Topics

Biochar buzz #animals #bees


Trevor Richards
 

Here in NZ, some of us biochar advocates are keen on getting animal feed trials going but we had not considered bees...


This photo was taken in a bucket of biochar following small flame cap demo for a TV new snip (4min here).
Simon tells me the bees have been landing for about a week since the char was quenched and left out.
The biomass was eucalypt branches and was mostly well cooked. There are hives nearby but there is also plenty of water about.
Any thoughts on what is attracting the bees?
Simon is planning an experiment... crushing some finer and also laying out another type of biochar.


Stephen Joseph
 

Hi Trevor

They are probably attracted too some of the biopolymers and polyphenolic acids on the biochar but also  the biochar may have captured pollen.

Regards
Stephen

On Sat, Sep 12, 2020 at 10:01 AM Trevor Richards <trevor@...> wrote:
Here in NZ, some of us biochar advocates are keen on getting animal feed trials going but we had not considered bees...


This photo was taken in a bucket of biochar following small flame cap demo for a TV new snip (4min here).
Simon tells me the bees have been landing for about a week since the char was quenched and left out.
The biomass was eucalypt branches and was mostly well cooked. There are hives nearby but there is also plenty of water about.
Any thoughts on what is attracting the bees?
Simon is planning an experiment... crushing some finer and also laying out another type of biochar.


Hugh McLaughlin
 

List: as to bees and their diets:

I expect they were attracted to lower temperature biochars and had labile sugars due to the breakdown of C5 & C6 sugars - talking calories ala nectar.

With a reasonable characterization method for biochar, we could sort out the phenomena. Lacking that, we can only speculate. When is this situation going to be addressed by the forces that be in the biochar space?

I have written up what I know - I wish the next wave of insights better traction.

- Hugh McLaughlin, PhD, PE

On Friday, September 11, 2020, 9:03:39 PM EDT, Stephen Joseph <joey.stephen@...> wrote:


Hi Trevor

They are probably attracted too some of the biopolymers and polyphenolic acids on the biochar but also  the biochar may have captured pollen.

Regards
Stephen

On Sat, Sep 12, 2020 at 10:01 AM Trevor Richards <trevor@...> wrote:
Here in NZ, some of us biochar advocates are keen on getting animal feed trials going but we had not considered bees...


This photo was taken in a bucket of biochar following small flame cap demo for a TV new snip (4min here).
Simon tells me the bees have been landing for about a week since the char was quenched and left out.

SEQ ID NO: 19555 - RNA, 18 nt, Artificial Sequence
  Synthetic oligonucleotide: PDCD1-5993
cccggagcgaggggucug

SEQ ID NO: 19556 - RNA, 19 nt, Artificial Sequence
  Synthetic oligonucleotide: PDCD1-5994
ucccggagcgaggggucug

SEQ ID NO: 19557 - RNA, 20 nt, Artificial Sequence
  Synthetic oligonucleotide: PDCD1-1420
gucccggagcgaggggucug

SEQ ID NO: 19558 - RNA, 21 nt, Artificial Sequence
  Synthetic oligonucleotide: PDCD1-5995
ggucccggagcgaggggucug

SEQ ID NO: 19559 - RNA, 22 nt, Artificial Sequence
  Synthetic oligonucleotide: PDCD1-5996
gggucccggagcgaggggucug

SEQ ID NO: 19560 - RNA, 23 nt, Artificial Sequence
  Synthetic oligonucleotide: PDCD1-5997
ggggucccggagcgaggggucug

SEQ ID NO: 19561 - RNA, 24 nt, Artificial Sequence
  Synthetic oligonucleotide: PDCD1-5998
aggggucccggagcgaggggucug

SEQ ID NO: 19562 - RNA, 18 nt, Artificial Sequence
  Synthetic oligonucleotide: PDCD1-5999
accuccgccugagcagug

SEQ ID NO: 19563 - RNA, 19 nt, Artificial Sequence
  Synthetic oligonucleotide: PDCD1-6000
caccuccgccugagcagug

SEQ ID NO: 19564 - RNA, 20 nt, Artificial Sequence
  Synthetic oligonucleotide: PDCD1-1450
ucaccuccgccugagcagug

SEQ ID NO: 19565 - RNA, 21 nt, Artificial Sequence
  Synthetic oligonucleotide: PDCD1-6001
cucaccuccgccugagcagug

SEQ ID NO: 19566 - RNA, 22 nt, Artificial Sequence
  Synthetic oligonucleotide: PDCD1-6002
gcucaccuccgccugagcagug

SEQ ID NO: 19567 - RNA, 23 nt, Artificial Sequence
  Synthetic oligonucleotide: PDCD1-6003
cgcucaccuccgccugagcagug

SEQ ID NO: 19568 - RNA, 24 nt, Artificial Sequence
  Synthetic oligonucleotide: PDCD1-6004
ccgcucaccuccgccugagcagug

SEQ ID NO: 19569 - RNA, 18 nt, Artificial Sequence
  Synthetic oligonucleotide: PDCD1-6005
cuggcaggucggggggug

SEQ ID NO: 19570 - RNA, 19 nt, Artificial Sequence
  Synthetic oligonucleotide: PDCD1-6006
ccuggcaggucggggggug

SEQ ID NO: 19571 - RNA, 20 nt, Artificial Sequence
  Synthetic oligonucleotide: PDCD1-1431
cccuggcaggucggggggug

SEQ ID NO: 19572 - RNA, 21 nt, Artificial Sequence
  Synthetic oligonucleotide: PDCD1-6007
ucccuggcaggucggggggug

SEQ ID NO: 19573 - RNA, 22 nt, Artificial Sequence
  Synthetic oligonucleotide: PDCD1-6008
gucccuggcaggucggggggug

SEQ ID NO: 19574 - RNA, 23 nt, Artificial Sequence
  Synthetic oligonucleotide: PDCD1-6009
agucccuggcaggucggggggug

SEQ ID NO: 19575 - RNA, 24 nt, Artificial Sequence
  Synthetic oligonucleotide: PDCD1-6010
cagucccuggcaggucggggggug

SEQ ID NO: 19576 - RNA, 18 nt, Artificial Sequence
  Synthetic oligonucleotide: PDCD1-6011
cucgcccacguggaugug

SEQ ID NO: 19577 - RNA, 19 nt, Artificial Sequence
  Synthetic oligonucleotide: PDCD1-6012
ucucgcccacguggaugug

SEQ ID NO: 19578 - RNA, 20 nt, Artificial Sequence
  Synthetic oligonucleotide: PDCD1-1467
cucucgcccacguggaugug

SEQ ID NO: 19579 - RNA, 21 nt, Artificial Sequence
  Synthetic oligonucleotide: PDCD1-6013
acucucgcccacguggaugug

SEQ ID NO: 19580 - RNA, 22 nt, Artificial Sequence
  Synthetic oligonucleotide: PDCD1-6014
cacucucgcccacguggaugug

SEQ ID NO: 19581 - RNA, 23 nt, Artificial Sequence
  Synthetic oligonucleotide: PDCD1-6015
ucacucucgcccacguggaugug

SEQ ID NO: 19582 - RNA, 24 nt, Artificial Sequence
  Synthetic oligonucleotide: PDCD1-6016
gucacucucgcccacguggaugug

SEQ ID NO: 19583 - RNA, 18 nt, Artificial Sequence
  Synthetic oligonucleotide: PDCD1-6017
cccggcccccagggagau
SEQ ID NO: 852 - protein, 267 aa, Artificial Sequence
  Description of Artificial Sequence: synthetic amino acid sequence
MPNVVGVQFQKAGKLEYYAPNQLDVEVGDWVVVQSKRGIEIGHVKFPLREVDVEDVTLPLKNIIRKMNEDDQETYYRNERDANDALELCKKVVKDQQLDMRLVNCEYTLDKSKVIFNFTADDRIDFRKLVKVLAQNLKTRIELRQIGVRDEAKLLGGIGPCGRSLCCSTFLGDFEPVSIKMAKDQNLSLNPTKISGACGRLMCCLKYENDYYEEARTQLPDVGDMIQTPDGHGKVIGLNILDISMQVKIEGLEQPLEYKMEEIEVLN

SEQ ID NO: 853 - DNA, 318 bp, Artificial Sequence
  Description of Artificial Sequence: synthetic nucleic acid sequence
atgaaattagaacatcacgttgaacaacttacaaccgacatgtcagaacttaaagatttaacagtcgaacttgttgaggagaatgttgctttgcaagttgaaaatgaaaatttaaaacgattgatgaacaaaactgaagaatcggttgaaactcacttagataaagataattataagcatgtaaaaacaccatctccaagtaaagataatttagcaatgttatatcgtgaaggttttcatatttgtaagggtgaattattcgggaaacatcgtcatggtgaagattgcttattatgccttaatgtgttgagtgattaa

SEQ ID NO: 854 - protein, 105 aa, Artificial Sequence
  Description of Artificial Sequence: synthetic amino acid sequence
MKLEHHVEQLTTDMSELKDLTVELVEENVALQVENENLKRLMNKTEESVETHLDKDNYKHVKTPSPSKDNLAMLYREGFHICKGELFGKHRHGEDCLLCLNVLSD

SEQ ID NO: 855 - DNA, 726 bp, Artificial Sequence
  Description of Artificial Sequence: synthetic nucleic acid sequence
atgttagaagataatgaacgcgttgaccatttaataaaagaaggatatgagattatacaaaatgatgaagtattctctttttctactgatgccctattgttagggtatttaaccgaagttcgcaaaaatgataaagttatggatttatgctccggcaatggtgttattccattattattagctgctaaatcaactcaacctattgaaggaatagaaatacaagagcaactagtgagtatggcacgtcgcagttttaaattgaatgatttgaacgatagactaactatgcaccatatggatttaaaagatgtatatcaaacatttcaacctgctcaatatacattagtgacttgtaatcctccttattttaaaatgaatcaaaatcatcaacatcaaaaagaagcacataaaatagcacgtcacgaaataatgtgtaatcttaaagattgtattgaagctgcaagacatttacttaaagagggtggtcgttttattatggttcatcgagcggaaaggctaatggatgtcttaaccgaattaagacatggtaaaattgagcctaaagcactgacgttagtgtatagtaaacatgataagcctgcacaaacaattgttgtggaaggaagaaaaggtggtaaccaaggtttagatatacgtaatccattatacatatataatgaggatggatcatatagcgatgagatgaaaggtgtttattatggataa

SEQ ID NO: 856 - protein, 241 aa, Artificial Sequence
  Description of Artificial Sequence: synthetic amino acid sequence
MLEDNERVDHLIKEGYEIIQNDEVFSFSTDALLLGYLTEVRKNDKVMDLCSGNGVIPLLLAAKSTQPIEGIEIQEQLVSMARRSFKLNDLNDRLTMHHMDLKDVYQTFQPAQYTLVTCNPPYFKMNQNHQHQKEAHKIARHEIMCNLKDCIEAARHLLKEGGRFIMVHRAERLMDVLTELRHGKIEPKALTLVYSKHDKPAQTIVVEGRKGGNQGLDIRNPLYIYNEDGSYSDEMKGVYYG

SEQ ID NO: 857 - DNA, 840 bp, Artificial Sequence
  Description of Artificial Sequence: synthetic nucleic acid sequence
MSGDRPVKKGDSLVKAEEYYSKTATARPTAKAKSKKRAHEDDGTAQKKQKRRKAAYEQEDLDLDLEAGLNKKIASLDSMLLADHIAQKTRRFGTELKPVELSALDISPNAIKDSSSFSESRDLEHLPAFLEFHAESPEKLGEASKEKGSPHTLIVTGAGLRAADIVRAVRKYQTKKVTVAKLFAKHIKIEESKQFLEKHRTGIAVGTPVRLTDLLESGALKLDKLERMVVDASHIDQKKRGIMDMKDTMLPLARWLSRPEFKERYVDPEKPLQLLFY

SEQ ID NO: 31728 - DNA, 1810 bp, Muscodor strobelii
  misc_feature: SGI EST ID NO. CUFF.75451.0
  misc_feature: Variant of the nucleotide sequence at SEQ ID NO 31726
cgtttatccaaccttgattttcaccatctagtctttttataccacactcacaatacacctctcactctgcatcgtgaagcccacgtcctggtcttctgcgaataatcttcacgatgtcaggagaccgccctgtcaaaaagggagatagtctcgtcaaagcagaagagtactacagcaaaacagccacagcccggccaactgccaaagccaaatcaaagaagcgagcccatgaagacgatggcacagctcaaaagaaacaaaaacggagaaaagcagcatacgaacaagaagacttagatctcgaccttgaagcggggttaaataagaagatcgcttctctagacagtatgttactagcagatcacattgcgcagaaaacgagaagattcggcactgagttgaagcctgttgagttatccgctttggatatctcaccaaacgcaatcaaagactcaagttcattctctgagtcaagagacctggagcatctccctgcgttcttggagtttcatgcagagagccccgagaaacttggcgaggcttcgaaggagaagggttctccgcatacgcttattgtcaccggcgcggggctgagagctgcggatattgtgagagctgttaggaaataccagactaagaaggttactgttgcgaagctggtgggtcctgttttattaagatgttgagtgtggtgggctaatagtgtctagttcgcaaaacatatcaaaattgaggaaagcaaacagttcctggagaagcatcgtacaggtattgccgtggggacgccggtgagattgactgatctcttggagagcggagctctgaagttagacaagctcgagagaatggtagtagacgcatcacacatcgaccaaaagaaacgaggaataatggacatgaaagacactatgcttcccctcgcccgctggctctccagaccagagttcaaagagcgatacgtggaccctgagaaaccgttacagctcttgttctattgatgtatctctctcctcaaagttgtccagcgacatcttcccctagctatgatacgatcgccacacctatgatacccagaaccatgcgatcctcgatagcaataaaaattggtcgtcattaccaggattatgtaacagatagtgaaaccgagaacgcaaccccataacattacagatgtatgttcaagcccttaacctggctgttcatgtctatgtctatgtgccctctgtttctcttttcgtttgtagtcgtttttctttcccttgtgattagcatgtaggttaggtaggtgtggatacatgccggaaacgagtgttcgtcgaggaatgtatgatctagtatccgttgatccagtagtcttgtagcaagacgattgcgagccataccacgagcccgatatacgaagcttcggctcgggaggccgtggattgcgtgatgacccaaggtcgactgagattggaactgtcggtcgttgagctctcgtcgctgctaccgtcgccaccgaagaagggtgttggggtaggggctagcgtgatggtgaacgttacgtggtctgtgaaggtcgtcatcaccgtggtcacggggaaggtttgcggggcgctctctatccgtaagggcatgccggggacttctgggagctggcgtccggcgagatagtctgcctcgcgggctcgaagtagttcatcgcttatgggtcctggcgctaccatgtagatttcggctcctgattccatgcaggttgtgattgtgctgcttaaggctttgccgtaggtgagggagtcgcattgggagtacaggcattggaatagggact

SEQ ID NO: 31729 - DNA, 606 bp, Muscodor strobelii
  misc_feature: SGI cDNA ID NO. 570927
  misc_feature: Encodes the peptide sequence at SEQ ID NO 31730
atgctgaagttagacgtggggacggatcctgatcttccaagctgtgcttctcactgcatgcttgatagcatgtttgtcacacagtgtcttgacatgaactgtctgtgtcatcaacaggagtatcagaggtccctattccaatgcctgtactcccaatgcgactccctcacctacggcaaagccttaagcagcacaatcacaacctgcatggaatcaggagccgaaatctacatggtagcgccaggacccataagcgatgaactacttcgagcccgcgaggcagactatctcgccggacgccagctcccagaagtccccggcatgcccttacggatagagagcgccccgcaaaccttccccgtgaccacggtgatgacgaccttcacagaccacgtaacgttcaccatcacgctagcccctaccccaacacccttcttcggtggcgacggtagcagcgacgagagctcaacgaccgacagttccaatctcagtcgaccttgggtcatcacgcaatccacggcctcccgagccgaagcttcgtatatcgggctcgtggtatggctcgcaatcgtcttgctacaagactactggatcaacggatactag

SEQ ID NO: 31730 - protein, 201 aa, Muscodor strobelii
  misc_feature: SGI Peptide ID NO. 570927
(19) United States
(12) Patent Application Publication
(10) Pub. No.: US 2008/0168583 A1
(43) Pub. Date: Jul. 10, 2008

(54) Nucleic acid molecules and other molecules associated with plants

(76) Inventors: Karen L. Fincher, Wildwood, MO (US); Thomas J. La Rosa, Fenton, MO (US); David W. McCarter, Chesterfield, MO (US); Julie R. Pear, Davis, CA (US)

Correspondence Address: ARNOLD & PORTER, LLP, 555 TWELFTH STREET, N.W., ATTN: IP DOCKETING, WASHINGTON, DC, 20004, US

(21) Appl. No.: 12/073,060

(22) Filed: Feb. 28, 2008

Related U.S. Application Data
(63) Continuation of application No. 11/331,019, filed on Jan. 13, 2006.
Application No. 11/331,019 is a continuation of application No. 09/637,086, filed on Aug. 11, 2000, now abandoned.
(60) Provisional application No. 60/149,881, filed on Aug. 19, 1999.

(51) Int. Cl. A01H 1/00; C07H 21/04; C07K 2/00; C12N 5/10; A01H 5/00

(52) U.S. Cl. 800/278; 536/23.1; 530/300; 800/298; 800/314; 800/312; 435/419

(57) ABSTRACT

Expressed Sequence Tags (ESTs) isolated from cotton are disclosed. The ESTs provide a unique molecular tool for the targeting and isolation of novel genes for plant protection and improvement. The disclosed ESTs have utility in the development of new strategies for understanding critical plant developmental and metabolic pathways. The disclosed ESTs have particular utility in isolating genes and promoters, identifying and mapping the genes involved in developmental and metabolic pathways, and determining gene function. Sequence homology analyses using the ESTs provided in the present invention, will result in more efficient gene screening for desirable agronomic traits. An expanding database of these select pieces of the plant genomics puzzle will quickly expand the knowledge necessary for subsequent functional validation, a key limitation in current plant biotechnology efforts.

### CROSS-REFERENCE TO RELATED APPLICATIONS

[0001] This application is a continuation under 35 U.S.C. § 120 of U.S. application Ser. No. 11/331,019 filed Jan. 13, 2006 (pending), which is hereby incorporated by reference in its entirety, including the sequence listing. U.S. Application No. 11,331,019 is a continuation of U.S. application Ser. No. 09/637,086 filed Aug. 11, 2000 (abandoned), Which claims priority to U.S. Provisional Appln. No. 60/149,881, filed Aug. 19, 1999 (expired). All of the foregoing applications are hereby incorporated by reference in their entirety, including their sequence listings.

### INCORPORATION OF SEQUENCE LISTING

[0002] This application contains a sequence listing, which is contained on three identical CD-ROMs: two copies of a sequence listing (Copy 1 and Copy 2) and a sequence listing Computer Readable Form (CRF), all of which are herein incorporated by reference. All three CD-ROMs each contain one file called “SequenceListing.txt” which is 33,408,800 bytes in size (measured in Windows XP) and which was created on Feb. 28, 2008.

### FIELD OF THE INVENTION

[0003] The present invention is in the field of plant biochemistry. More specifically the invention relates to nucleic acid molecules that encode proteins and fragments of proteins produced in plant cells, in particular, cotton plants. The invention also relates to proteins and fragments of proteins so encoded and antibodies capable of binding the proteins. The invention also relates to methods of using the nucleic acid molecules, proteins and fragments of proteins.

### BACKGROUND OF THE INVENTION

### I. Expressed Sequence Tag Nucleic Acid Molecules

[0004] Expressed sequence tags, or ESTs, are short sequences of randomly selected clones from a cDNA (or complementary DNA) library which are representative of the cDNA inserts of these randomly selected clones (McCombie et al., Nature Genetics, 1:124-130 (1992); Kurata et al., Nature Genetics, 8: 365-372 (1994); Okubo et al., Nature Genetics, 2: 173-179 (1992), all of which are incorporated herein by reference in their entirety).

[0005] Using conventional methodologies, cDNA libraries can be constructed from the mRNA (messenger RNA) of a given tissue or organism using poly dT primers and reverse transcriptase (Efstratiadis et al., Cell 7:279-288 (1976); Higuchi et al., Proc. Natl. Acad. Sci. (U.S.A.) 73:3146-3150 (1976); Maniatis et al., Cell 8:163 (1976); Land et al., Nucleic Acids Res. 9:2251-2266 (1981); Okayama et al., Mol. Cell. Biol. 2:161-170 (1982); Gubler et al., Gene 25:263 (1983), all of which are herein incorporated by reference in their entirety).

The biomass was eucalypt branches and was mostly well cooked. There are hives nearby but there is also plenty of water about.
Any thoughts on what is attracting the bees?
Simon is planning an experiment... crushing some finer and also laying out another type of biochar.


Joshua Bogart
 

From my experience working with bees in the tropics. They are often atracted to high salt like animal urine. Could it be they are after the mineral in the ash portion?


On Fri, Sep 11, 2020, 9:34 PM Hugh McLaughlin via groups.io <wastemin1=verizon.net@groups.io> wrote:
List: as to bees and their diets:

I expect they were attracted to lower temperature biochars and had labile sugars due to the breakdown of C5 & C6 sugars - talking calories ala nectar.

With a reasonable characterization method for biochar, we could sort out the phenomena. Lacking that, we can only speculate. When is this situation going to be addressed by the forces that be in the biochar space?

I have written up what I know - I wish the next wave of insights better traction.

- Hugh McLaughlin, PhD, PE

On Friday, September 11, 2020, 9:03:39 PM EDT, Stephen Joseph <joey.stephen@...> wrote:


Hi Trevor

They are probably attracted too some of the biopolymers and polyphenolic acids on the biochar but also  the biochar may have captured pollen.

Regards
Stephen

On Sat, Sep 12, 2020 at 10:01 AM Trevor Richards <trevor@...> wrote:
Here in NZ, some of us biochar advocates are keen on getting animal feed trials going but we had not considered bees...


This photo was taken in a bucket of biochar following small flame cap demo for a TV new snip (4min here).
Simon tells me the bees have been landing for about a week since the char was quenched and left out.
The biomass was eucalypt branches and was mostly well cooked. There are hives nearby but there is also plenty of water about.
Any thoughts on what is attracting the bees?
Simon is planning an experiment... crushing some finer and also laying out another type of biochar.


Susan
 

Would there be any salts in the char?   I know that bees are attracted to salt, and often the reason on might land on you on a hot day.  

I give mine a salt block.

Susan

On Fri, Sep 11, 2020, 7:01 PM Trevor Richards <trevor@...> wrote:
Here in NZ, some of us biochar advocates are keen on getting animal feed trials going but we had not considered bees...


This photo was taken in a bucket of biochar following small flame cap demo for a TV new snip (4min here).
Simon tells me the bees have been landing for about a week since the char was quenched and left out.
The biomass was eucalypt branches and was mostly well cooked. There are hives nearby but there is also plenty of water about.
Any thoughts on what is attracting the bees?
Simon is planning an experiment... crushing some finer and also laying out another type of biochar.